IRL (In Real Life)
Internet scholars disagree about the social implications of living in a digital world. Some argue that the internet engenders a robust civil society, empowers ordinary people to become active participants in social and political life, transforms relations of production to be more collaborative and egalitarian, and reconfigures social institutions historically plagued by power inequities. Others argue that internet use is anti-social and counter-productive, impoverishing our mental faculties, stunting our emotional development, undermining community and family, empowering bullies, and encouraging crass consumerism. Despite their differing prognoses, these two camps assume and inadvertently reinforce a shared set of values that celebrates the active, responsible, communitarian subject thought to inhabit a real body in the real world, while denigrating the passive, the pleasurable, the irresponsible, and the selfish, qualities linked to the unruly, fantastical, and indeterminate bodies of virtual worlds.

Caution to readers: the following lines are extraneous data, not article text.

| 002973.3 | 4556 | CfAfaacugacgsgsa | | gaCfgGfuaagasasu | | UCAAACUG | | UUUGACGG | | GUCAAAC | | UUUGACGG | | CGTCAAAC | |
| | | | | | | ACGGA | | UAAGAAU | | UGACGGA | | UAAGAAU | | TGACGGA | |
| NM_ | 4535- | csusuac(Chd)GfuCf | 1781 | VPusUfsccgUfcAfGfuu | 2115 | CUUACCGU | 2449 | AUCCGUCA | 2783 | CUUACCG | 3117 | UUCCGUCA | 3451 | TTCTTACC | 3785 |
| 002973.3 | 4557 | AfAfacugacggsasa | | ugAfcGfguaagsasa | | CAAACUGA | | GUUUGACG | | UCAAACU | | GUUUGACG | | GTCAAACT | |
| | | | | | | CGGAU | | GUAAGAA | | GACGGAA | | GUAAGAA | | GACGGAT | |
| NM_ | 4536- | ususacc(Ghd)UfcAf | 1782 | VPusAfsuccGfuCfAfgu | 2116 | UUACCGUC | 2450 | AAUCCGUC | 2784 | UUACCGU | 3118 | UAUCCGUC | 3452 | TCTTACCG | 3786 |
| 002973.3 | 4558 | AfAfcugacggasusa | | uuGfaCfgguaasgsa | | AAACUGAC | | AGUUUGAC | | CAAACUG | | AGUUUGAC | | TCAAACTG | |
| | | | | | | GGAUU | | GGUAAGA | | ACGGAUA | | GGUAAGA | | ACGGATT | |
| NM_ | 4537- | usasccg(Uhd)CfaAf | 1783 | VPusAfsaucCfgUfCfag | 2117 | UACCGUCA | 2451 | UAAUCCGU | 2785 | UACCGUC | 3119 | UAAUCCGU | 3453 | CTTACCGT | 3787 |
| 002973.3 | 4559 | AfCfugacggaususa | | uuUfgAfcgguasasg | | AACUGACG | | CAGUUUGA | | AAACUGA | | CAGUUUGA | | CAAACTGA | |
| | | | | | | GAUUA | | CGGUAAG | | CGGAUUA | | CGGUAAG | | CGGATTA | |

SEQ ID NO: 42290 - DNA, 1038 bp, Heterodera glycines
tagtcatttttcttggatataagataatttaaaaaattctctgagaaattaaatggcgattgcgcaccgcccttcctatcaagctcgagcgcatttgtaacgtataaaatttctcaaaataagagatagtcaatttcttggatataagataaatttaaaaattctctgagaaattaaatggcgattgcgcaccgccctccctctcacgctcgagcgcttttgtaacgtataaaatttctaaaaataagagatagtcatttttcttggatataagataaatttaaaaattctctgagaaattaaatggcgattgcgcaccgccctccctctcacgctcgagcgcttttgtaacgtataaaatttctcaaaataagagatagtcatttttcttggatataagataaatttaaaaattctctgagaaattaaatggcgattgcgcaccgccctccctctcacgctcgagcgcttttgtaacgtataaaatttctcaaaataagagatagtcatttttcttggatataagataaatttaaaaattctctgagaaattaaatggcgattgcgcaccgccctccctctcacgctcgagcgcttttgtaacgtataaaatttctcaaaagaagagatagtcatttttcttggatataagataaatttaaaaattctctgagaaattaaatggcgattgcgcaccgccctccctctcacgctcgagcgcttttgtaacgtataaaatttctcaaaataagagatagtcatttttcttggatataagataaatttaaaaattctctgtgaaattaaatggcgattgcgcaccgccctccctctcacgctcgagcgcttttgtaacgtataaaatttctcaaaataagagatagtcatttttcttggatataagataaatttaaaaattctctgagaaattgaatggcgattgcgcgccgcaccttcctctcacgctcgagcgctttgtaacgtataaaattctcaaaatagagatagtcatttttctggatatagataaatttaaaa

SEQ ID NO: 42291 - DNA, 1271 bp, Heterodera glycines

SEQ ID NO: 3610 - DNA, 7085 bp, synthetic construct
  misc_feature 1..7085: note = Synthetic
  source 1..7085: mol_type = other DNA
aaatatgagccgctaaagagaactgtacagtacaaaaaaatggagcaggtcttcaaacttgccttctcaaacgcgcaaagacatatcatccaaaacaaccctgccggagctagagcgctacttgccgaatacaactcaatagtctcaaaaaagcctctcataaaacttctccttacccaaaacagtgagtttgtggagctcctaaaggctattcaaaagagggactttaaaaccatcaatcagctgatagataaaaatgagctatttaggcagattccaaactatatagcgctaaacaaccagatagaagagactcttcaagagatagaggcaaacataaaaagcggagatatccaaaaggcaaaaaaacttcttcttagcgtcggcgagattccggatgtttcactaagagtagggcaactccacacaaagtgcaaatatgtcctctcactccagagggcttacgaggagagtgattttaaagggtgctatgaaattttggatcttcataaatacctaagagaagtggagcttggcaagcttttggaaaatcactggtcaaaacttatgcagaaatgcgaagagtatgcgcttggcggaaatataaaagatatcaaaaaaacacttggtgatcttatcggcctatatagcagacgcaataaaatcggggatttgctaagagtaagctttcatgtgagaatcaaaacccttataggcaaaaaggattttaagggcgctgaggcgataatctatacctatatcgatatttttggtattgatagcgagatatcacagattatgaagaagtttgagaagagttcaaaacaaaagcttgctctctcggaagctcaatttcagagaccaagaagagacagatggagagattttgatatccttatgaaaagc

This talk explores how internet scholars make use of understandings of space/place and the body to frame this normative project as if it were purely descriptive. In the service of assumed values, internet scholars have imagined the internet as a virtual, mediated, substitutive world whose effects are felt and matter in the real, unmediated world. How might we reconceive of relationality in a digital world in the absence of internet scholarships normative baggage?
Location: Russell House All Rooms Sponsor: Center for the Humanities URL: Contact: Erinn Savage, email@example.com